“Earth Day is April 22nd, which is usually over our vacation week. It was started in the 70s as a way of focussing the country on the environment for a day,” science teacher Janet Kresl Moffat said. “Lots of different organizations have focussed on cleaning up or learning something more about how you can keep the world sustainable. SEA club’s number one activity is to have an all campus cleanup which we will be doing during the advisory block on April 13th.”

   Students for Environmental Action (SEA) club are eager to introduce new and easy methods to slowly make the world more green.

   “I personally feel the issue with climate change is people are not knowledgeable about the long term effects and think it is not a serious issue, but research on the subject can enhance a person’s care of the environment,” freshman and member of SEA club Sebastian Smith said. “Other things people can do is to make sure they recycle their recyclables all the time instead of throwing them out, which I see frequently. Another way is to shorten showers to maybe five minutes instead of 10 plus. Biking to school instead of getting droven can conserve CO2 emissions.”

   In addition to the science part of this holiday, students and faculty can get involved politically in order to advocate for more positive change. One such student who got involved in the government legislation  associated with climate change is SEA club president and junior Jonathan Lan, who lobbied house representatives for around one week to learn more about two climate change resolutions. 

   “One of them is for climate education which is pushing for a solution based, multidisciplinary climate education in schools. In Weston, climate change is only taught in select years. I think it’s 7th or 8th grade and you can take environmental science, and maybe in contemporary world issues you can learn about climate change, but we don’t learn about it in history class, social studies classes, politics classes,” Lan said. “ The other resolution is related to mental health with regards to climate change. It’s not great to learn about the problem and not the solution, so the mental health resolution will also provide that support for students.”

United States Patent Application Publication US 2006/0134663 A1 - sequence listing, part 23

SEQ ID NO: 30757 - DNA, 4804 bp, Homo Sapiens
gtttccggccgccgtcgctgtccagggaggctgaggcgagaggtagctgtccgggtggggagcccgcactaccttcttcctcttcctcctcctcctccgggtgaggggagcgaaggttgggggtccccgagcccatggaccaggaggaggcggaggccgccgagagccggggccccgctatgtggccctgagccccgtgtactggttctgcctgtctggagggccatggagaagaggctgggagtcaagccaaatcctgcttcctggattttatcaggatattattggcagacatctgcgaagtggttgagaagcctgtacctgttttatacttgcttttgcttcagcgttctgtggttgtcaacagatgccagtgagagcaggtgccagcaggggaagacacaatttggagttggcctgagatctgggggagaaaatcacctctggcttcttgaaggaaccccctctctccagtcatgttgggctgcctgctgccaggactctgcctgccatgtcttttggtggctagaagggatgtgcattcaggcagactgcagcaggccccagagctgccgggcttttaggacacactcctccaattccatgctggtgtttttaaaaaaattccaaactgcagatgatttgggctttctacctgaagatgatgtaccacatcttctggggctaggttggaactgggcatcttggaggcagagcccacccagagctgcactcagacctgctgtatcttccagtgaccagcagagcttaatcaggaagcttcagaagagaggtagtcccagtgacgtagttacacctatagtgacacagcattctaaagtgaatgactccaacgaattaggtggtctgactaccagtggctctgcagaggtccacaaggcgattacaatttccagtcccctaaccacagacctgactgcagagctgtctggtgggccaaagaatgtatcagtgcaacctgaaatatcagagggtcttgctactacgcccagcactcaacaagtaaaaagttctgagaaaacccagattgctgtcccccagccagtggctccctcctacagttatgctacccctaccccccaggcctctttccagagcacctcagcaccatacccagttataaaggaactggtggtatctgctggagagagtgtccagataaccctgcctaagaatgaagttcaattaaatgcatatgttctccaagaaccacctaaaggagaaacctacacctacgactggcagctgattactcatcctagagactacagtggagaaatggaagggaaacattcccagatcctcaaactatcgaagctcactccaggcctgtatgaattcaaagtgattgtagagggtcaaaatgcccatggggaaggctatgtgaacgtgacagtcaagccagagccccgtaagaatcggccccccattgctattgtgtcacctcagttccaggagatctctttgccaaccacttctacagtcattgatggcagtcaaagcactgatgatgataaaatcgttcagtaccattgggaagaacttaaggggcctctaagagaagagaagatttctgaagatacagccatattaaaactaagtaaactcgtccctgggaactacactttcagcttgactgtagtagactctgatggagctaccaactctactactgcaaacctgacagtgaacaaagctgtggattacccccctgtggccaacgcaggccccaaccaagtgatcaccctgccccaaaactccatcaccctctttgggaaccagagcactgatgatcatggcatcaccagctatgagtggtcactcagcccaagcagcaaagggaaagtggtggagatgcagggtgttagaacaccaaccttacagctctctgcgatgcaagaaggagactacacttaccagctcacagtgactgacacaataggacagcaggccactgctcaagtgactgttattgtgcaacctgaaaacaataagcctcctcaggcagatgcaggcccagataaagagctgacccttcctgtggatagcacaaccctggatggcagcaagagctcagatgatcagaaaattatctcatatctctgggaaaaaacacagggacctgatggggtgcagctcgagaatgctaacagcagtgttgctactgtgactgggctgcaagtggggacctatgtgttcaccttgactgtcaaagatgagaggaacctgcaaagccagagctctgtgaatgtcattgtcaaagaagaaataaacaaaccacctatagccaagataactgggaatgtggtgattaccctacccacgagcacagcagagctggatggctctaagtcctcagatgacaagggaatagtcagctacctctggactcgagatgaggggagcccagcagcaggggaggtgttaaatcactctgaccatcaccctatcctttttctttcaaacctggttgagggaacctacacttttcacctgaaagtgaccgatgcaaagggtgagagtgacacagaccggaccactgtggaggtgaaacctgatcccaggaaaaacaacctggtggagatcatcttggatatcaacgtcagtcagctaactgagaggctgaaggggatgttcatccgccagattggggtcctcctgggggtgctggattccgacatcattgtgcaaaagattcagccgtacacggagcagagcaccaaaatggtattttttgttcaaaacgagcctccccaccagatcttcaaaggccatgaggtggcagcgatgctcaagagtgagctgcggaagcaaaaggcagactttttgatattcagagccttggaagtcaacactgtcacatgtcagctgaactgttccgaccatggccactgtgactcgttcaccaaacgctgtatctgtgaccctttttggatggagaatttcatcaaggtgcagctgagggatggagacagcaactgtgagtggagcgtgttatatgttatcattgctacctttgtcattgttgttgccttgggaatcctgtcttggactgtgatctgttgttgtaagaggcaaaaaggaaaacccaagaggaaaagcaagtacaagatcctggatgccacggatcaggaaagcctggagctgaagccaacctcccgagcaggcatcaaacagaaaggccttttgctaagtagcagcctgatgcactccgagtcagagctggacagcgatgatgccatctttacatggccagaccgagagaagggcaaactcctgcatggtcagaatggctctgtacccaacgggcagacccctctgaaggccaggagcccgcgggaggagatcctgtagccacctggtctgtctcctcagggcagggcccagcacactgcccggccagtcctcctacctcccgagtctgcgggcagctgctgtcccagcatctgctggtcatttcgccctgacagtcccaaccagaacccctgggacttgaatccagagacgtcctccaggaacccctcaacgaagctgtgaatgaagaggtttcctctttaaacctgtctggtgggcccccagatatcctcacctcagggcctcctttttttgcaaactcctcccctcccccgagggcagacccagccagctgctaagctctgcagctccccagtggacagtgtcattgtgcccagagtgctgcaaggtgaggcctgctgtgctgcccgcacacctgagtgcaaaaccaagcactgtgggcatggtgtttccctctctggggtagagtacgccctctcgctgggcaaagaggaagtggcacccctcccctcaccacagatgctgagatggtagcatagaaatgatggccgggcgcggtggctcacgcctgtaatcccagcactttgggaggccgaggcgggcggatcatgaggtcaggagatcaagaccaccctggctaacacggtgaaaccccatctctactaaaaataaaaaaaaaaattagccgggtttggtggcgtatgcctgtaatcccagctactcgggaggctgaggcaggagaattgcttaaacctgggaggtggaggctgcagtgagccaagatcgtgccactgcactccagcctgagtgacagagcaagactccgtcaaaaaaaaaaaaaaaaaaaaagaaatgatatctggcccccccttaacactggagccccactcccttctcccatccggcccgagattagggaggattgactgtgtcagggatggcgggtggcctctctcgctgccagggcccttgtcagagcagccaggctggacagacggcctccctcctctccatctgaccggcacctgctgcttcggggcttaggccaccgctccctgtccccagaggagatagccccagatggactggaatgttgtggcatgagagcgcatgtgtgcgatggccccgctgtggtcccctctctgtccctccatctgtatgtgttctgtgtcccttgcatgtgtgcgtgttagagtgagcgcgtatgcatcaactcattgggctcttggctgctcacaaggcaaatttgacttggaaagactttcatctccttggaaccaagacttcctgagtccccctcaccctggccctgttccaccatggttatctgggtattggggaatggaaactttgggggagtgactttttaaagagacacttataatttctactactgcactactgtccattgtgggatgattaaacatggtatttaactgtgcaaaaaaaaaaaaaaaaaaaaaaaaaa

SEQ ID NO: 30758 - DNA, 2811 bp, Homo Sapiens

Bringing more visibility to special holidays allows students and faculty to be aware of how they can make a positive difference in the world. 

   “I think it’s like every holiday. The number one thing is just to take a moment to appreciate what people have done and what needs to get done,” Kresl Moffat said. “Sometimes people are like ‘Oh my gosh! In order to do this, I’m not willing to change my whole life.’ Well, fine if you don’t want to change your whole life, but what small choices can you make?”

   Although it can be difficult to visualize the change people are making towards ending climate change, being involved in policy making is one way students can effectively make a change in the world, and recognizing Earth Day facilitates the growth of passion for accomplishing these goals.  

   “I think a solution-based climate education is important because it gives students the tools to actually fight against climate change and take action at their age. That will look like lobbying representatives, organizing community wide events, and going through that sort of change is honestly more powerful than recycling or composting,” Lan said.

   Students and faculty find that holidays make regular school days at WHS more exciting, which refreshes peoples’ minds. If you want to find something new each day, search for holidays online to explore them. Each holiday offers a unique experience that allows people to learn more about different cultures, societies, and history of the past and future.